You know what was even more surreal? Having no night. It was a beginning of arctic summer, when the sun shines round the clock. It was surreal to hike at midnight and have daylight.

Driving thru the small towns at “night” felt eerie. It was bright as day but there were no people, no movement. It was like in science fiction or horror movies when you wake up one day and all the humanity is gone.

There is so much to photograph there: snow capped mountains, waterfalls, ocean, sandy beaches, rocky beaches, mountain rivers, green meadow, lakes, tiny islands. And best of all I could hike pretty much everywhere. There is very little private land. I spotted a waterfall up the mountain while driving, I just stopped where I could and went up. This was such an enjoyment to roam the land, to wonder around.

There was a payback for all that “night” travel as I was red eyed from lack of sleep but it was totally worth it. If you’ve never been above arctic circle in summer, make sure it is on your “bucket list”.

Backroads of Alberta

One of the reasons I travel a lot by car rather than plane is to see places around on the road to the destination. Unfortunately, in most cases once I’m behind the wheel I get a tunnel effect when I see nothing but the road with its final destination ahead. For some reason getting to the destination as fast as possible becomes the only goal.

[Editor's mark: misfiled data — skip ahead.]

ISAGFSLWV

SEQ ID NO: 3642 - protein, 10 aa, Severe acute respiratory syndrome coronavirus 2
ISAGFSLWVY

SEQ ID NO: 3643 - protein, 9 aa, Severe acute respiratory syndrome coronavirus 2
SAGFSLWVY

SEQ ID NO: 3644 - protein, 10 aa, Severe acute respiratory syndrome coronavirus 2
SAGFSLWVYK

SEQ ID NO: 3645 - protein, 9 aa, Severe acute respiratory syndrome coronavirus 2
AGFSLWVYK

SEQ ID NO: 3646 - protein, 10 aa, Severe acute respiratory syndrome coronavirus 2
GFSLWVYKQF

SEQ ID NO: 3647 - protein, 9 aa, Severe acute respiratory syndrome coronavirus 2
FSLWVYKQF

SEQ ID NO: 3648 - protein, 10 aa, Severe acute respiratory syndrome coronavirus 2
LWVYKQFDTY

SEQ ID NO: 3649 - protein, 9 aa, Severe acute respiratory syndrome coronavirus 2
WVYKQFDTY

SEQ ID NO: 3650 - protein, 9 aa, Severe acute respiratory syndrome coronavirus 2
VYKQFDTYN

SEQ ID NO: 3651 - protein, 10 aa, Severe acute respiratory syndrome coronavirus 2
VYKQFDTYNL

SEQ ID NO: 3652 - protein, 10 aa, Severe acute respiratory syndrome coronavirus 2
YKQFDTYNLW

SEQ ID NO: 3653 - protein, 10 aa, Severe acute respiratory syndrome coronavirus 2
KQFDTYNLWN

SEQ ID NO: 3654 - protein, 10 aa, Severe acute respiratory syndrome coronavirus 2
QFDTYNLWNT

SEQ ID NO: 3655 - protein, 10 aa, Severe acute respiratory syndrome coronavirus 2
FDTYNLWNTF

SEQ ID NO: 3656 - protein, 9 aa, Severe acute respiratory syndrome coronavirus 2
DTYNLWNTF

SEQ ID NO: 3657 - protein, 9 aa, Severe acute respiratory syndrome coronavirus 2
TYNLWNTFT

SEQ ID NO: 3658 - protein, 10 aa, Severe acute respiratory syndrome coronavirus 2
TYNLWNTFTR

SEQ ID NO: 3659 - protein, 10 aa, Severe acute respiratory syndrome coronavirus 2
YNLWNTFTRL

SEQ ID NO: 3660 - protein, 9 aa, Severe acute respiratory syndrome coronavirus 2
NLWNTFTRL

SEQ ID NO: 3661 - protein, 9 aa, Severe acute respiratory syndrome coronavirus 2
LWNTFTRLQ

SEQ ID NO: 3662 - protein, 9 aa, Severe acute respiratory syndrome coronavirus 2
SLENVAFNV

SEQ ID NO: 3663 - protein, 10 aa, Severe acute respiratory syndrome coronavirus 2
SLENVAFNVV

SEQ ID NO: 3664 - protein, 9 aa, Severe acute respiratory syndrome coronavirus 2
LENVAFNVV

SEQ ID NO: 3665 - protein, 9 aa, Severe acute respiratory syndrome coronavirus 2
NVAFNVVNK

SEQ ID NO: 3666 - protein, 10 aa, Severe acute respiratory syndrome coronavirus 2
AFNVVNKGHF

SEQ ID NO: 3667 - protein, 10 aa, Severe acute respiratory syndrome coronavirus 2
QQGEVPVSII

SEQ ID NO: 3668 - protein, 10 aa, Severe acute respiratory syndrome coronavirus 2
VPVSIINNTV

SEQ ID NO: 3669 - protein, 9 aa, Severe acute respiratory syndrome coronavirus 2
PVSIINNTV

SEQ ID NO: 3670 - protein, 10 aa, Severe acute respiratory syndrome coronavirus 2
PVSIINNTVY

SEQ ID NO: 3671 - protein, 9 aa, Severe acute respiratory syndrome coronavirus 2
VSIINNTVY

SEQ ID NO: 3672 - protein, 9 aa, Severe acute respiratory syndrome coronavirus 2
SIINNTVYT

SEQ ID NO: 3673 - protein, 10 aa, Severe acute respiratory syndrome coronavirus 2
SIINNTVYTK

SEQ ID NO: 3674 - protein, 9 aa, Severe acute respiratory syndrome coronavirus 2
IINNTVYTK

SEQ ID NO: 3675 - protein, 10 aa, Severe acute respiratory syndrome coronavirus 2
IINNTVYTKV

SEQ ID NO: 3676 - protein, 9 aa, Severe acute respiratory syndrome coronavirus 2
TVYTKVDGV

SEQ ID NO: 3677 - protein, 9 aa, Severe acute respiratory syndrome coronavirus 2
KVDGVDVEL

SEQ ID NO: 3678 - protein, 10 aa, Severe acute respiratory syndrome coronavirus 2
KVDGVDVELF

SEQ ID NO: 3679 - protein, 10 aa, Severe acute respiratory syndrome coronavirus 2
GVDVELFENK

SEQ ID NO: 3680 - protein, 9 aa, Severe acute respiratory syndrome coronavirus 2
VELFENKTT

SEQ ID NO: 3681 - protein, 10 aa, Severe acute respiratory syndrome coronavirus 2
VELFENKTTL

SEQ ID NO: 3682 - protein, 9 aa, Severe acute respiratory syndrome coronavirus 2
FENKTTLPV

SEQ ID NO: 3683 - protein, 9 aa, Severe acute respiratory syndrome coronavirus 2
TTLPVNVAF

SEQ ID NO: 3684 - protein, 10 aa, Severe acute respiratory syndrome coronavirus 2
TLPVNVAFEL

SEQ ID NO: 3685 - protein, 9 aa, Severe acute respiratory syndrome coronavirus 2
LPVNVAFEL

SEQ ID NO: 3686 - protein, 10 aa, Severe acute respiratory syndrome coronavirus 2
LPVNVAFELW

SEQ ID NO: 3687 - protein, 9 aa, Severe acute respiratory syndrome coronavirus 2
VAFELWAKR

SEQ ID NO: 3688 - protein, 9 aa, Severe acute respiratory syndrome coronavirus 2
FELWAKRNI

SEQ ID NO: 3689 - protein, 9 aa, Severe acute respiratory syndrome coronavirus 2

On the trip to Alberta I actively fought an urge to drive from point A directly to point B. Instead I was taking some backroads, sometimes unpaved, moving slowly looking at things around. It was taking me much longer but it was a more satisfying study of Alberta outside its famous national parks and big cities. Here is a small selection of photographs of rural Alberta.

Tulip Fatigue?

Every year there is a tulip festival in Skygit Valley. It is probably one of the best events in the northwest. It attracts a lot of people and that includes photographic crowd. I’ve photographed there many times of the years.

This year I went to photograph there too. Strangely enough I ended up with no photographs of tulips. I photographed workers picking up bunches of tulips for sale. I photographed dirt roads, fences, trees, and everything else around except tulips. Do I have tulip fatigue and don’t respond visually to fields of tulips anymore?

Workers Picking Tulips
Workers Picking Tulips

Bus at the End of the Road
Bus at the End of the Road

Close to Home

Lots of things are waiting to be discovered right around the corner. You just need to make the first step toward them.

I adore photograph made in fog. At the same time there have not been much fog where I live. At some point I share my fog obsession with another local photographer and she suggested me to go to Carnation Valley in fall.

It is only about 10 minutes drive from where I live. To my surprise even when it is clear sky and sunshine outside the valley, the valley itself is filled with thick thick fog. This is likely because there are a lot of marshes there. Driving downhill into the valley is like diving into the fog.

From that point on I always go to Carnation in fall. Here are some photos I’ve made this year: